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February/March 2017 (vol. 13/5)
Exercise for chronic fatigue syndrome
Exercise therapy can be an effective treatment for chronic fatigue syndrome (CFS), this Cochrane systematic review concludes. Eight studies were included, covering 1,518 participants diagnosed with CFS, with mean ages between 33 and 45 years. The exercise therapy regimes lasted between 12 and 26 weeks and were variously compared with passive controls (eg medical assessment and advice, waiting list, or relaxation/flexibility), cognitive behavioural therapy (CBT), cognitive therapy, supportive listening, ‘adaptive pacing therapy’ (a self-help intervention in which the individual monitors and stays within their own energy levels), pharmacological and combination treatments. Exercise therapy reduced fatigue compared with passive or no treatment (moderate quality evidence), and improved sleep (low-quality evidence), physical functioning (low) and self-rated health (moderate). There was no statistically significant difference between exercise therapy and CBT, which both improved fatigue. Exercise was superior to pacing and supportive listening, but there was insufficient evidence regarding drug-based interventions. There was no evidence that exercise worsens outcomes.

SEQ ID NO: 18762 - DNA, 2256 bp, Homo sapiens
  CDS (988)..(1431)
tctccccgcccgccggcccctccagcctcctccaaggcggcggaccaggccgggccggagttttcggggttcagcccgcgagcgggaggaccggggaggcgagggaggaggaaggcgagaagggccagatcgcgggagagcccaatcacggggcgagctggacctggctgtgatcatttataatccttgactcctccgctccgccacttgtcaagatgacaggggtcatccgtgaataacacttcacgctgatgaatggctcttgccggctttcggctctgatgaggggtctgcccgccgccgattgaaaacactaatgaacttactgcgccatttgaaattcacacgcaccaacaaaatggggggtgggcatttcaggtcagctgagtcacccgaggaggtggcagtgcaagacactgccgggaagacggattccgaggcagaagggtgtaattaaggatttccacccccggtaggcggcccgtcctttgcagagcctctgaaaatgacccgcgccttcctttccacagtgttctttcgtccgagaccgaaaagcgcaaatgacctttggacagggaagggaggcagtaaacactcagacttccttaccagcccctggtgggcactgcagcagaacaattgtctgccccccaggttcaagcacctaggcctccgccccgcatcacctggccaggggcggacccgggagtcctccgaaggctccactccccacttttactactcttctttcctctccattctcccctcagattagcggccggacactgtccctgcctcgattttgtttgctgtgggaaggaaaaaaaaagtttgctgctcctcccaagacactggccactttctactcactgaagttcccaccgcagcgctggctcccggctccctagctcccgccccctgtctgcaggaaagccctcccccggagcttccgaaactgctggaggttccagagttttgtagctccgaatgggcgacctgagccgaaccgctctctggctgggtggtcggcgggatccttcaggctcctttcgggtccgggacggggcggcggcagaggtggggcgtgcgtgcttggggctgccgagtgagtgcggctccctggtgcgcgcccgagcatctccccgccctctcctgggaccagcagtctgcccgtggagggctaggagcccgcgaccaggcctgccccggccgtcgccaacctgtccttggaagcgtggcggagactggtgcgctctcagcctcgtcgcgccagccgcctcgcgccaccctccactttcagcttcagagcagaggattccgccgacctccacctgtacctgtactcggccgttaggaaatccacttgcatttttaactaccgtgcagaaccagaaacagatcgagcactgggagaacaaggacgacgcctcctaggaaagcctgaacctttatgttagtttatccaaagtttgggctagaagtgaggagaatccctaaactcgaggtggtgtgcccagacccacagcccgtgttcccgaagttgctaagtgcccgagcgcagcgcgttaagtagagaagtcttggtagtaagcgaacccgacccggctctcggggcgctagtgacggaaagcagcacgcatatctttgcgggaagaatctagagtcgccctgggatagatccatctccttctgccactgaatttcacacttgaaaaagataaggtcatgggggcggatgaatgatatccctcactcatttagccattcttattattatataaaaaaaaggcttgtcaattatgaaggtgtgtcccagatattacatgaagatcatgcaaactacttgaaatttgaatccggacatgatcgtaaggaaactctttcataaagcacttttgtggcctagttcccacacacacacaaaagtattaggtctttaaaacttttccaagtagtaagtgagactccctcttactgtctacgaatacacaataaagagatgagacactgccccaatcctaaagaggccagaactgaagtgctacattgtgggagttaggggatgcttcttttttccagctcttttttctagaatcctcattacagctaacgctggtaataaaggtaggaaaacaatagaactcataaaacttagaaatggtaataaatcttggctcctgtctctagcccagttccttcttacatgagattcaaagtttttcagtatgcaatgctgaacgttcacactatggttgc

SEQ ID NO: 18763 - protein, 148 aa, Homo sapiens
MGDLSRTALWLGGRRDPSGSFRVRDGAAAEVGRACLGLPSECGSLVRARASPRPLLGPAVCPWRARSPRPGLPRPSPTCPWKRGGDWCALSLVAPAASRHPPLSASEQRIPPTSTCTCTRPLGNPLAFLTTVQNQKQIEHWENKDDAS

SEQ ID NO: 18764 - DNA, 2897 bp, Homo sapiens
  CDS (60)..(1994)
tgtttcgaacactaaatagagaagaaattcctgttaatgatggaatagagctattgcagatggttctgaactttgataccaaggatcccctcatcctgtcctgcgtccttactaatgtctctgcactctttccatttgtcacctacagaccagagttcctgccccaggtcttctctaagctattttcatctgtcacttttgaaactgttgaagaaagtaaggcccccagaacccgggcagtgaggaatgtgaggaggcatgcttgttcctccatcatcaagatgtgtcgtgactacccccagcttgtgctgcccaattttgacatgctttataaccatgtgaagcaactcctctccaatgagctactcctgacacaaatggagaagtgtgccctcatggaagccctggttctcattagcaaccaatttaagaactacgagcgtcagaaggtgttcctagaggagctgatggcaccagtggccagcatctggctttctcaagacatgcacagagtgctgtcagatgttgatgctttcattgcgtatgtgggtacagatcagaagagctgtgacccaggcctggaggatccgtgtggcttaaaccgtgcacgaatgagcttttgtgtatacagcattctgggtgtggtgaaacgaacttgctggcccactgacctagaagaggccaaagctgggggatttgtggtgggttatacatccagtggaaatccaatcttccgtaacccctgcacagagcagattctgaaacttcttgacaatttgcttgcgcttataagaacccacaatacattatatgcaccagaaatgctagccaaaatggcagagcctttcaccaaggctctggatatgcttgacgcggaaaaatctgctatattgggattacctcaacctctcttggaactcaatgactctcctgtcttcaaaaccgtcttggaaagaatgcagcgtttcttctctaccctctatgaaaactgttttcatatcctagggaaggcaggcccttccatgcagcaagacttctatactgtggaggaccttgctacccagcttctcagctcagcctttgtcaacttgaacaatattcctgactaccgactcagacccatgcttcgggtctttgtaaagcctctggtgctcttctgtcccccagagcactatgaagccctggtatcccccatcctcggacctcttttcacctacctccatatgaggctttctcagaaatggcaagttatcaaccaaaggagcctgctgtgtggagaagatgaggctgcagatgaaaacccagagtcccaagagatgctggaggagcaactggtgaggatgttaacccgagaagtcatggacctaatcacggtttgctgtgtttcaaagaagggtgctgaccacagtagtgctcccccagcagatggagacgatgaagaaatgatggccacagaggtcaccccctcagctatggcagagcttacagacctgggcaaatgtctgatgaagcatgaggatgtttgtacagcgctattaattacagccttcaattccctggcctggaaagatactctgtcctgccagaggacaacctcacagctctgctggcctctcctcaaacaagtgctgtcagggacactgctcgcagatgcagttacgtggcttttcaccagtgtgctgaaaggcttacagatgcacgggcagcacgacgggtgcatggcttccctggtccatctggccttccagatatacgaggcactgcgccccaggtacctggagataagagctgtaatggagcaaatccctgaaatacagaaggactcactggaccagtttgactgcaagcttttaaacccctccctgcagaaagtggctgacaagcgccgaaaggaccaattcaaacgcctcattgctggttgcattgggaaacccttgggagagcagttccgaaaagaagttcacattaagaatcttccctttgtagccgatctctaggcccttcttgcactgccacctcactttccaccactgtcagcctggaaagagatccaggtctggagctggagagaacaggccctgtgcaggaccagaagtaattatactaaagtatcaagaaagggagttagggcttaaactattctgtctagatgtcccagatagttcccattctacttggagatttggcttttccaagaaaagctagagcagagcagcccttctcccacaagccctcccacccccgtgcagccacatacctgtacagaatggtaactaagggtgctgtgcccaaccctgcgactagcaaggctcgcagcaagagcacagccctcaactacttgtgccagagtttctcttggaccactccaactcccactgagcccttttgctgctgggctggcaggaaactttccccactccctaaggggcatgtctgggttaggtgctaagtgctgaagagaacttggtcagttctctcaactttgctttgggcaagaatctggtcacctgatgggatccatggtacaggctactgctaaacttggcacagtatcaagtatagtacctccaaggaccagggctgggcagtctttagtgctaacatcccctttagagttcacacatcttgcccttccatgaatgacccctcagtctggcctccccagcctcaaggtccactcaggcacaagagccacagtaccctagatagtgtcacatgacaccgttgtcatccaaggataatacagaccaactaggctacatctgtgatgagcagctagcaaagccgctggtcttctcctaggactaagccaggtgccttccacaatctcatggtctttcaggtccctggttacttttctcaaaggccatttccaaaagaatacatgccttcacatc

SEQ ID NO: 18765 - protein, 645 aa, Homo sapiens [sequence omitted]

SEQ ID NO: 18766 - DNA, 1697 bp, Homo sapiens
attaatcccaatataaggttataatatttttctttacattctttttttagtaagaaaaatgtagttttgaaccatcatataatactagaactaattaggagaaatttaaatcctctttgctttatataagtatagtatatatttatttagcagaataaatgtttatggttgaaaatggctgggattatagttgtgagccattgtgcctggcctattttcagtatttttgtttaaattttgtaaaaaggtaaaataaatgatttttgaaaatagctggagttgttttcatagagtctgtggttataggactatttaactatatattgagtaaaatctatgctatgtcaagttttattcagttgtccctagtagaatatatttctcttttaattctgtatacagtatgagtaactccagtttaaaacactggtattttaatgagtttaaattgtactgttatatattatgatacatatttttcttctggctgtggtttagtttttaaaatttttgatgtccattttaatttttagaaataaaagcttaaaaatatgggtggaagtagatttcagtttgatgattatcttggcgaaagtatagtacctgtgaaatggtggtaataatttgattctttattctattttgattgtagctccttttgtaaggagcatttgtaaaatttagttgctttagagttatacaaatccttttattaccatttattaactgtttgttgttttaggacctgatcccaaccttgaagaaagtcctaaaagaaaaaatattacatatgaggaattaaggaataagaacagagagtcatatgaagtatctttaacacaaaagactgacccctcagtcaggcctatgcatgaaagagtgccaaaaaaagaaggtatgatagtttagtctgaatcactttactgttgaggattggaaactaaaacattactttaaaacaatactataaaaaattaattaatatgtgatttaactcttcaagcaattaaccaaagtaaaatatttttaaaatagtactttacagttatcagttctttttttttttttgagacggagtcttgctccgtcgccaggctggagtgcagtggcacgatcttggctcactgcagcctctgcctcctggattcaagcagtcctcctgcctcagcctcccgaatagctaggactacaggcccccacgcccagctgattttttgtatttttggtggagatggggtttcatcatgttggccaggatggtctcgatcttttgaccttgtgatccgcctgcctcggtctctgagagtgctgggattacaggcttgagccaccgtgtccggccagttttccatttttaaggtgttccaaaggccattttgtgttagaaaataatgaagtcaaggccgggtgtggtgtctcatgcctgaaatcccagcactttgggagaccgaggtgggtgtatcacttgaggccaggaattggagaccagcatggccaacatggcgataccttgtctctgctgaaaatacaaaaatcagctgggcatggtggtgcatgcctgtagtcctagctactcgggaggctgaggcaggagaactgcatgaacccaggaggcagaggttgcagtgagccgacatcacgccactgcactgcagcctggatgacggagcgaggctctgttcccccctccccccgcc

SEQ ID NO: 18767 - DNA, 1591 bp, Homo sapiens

Occupational Health at Work February/March 2017 (vol. 13/5) pp41